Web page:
The venom of Megarhyssa (Hymenoptera: Ichneumonidae): Putative proteins and possible functions

Monday, November 17, 2014: 9:48 AM
A107-109 (Oregon Convention Center)
Victoria G. Pook , Department of Entomology, University of Kentucky, Lexington, KY
Michael J. Sharkey , Department of Entomology, University of Kentucky, Lexington, KY
Species of the genus Megarhyssa are ectoparasitic idiobionts that parasitize the larvae of siricid wasps. Siricid larvae bore deep into tree trunks and parasitizing them necessitates the penetration of wood, a feat achieved by the gracile ovipositor of the parasitoid in a matter of minutes. We hypothesize that the venomous secretions of these wasps not only alter host physiology but also contain enzymes which rapidly degrade wood. Using a joint transcriptomic-proteomic approach, proteins in the venom, and the genes which code for them, are being identified.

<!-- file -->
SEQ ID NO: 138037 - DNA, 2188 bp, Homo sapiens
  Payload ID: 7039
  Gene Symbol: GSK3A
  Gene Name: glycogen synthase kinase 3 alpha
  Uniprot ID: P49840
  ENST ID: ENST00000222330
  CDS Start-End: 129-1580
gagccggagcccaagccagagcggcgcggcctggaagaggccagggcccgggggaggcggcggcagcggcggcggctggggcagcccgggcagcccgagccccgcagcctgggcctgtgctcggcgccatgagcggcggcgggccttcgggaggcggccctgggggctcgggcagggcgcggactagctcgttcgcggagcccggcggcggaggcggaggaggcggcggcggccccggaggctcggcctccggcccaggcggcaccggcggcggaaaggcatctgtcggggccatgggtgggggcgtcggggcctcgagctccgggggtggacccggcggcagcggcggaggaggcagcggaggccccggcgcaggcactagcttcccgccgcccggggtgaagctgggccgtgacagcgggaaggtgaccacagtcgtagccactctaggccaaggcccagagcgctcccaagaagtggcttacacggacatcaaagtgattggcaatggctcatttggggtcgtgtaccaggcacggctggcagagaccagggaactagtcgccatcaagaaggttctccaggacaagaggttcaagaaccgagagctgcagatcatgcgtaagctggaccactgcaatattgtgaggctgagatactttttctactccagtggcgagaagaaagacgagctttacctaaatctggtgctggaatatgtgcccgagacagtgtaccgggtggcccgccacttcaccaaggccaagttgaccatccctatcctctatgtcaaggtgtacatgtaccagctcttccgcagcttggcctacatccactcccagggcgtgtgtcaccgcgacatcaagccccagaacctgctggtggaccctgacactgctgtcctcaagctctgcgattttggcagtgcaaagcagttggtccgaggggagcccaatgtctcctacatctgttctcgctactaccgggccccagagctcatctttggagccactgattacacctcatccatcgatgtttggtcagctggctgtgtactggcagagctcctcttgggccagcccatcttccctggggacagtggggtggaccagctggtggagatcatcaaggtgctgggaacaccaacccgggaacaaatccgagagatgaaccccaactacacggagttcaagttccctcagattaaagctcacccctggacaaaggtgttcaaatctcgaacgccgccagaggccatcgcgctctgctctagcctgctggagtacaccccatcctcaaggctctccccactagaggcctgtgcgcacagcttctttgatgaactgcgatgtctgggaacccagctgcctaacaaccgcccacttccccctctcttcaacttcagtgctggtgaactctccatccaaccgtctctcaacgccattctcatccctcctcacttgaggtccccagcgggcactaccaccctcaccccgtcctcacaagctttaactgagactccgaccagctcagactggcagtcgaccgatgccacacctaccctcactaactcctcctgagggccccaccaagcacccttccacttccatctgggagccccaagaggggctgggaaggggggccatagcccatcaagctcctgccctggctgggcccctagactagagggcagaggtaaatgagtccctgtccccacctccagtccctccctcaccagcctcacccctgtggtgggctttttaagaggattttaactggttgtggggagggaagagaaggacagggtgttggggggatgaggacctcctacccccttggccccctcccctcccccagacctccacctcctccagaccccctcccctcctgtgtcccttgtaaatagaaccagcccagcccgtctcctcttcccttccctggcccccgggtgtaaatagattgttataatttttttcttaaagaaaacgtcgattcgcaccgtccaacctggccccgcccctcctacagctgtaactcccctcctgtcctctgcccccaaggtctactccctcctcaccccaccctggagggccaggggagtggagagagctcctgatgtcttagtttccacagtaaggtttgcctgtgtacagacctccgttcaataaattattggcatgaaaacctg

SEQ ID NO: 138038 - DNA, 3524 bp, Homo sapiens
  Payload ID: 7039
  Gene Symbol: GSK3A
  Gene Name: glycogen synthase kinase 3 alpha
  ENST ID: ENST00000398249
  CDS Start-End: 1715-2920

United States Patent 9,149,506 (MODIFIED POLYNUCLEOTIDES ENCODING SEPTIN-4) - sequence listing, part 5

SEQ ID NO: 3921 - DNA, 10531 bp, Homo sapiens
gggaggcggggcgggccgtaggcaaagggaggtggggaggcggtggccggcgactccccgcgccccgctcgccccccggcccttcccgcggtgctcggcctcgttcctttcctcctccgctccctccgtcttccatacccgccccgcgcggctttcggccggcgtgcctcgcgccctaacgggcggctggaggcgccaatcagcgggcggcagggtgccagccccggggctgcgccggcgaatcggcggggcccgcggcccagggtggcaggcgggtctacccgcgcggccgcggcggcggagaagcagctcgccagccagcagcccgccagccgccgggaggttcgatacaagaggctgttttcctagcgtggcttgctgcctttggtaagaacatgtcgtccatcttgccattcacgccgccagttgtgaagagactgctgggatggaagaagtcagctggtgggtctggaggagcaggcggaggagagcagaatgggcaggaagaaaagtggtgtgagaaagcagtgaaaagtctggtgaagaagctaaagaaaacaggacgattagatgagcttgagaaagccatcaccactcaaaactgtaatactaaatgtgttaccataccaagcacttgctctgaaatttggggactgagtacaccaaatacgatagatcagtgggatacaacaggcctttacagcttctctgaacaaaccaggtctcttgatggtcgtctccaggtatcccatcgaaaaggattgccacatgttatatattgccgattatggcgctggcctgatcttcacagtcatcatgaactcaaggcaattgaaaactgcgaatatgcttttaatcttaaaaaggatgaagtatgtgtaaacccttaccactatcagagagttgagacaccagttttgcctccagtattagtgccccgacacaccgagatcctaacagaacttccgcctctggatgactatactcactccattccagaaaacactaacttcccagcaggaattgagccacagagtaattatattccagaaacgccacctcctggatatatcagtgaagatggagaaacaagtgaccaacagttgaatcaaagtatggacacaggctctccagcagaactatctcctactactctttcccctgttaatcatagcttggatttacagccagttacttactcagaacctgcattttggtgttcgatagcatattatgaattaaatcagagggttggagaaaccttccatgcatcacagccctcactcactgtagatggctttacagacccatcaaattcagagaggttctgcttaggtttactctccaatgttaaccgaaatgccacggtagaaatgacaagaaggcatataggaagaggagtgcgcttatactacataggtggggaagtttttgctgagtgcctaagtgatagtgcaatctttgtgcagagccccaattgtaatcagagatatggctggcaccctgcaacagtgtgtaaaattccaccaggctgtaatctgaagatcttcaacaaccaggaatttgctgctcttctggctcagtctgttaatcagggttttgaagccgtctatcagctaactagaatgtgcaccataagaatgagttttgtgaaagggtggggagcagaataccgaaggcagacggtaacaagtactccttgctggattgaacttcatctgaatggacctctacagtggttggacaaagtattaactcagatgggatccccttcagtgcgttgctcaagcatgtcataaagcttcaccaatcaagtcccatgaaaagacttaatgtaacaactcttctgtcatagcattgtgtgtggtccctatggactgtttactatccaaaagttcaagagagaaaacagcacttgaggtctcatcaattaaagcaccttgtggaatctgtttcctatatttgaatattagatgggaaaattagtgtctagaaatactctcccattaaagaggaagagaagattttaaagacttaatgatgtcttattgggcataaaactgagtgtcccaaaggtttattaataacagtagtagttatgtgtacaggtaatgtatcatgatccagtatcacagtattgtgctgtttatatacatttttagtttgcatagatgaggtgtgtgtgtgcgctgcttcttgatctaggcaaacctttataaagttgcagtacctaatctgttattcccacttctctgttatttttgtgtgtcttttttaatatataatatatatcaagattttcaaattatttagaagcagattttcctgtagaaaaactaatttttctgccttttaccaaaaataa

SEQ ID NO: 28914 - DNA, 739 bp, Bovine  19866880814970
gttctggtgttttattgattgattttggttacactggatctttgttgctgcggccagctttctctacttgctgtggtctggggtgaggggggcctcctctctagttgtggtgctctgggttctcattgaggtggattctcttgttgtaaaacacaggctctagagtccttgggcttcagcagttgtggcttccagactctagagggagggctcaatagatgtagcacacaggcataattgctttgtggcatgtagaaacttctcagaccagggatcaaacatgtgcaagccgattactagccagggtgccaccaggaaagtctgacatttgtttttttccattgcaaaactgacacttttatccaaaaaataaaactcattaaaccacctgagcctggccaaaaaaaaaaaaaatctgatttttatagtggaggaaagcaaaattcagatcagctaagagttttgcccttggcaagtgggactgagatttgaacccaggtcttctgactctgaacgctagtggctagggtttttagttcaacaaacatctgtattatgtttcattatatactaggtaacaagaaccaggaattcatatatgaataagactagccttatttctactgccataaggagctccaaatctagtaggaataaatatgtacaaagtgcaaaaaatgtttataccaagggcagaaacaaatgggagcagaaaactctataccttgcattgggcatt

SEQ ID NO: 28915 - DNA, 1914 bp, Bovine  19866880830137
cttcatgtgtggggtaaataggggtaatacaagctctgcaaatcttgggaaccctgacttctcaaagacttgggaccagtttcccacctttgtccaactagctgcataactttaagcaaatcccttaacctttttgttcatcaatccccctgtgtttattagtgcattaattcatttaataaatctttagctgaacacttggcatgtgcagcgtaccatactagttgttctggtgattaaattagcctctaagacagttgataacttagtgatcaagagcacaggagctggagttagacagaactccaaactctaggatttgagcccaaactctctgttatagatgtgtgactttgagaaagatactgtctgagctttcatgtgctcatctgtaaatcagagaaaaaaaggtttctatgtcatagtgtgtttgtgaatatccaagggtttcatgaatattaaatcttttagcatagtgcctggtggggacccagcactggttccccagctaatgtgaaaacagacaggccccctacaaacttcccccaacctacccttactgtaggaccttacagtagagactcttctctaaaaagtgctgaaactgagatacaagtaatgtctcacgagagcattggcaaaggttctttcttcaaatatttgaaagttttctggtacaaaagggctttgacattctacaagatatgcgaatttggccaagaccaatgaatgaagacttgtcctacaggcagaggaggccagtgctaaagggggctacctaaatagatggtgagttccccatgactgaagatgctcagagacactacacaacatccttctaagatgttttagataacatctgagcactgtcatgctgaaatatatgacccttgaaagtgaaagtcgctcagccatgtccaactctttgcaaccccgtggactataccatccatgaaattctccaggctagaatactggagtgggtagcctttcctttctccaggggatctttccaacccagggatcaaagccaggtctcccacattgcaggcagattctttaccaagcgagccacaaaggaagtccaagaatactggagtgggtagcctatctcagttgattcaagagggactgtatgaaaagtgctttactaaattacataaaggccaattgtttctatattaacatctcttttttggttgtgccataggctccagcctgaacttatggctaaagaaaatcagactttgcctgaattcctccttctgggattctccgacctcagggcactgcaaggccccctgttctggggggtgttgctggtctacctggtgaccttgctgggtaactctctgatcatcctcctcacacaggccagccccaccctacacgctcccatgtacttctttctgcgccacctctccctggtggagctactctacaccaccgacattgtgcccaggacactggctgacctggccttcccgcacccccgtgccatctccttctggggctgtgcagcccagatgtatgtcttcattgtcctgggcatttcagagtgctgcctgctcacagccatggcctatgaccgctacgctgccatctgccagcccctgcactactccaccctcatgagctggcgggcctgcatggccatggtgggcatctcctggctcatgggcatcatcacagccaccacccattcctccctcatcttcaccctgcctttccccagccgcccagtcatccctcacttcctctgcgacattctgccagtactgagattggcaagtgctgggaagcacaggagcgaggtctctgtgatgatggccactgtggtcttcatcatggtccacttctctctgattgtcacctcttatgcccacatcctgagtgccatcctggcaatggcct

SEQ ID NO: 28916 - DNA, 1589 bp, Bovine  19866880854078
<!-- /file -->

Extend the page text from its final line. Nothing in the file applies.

RNA isolated from the abdomen of female wasps was sequenced and the resulting contigs were transformed into a database against which known hymenopteran venom proteins and wood degrading enzymes were queried. In this bioinformatic study more than 150 hymenopteran venom proteins showed significant sequence similarity to Megarhyssa transcripts. The enzymes laccase and glycosyl hydrolase, which are associated with wood degradation, also returned significant hits from the wasp transcriptome.

Separation of venom proteins using gel electrophoresis indicates that the composition of the venom is variable among species and the results of a mass spectrometry analysis of each venom sample will be discussed.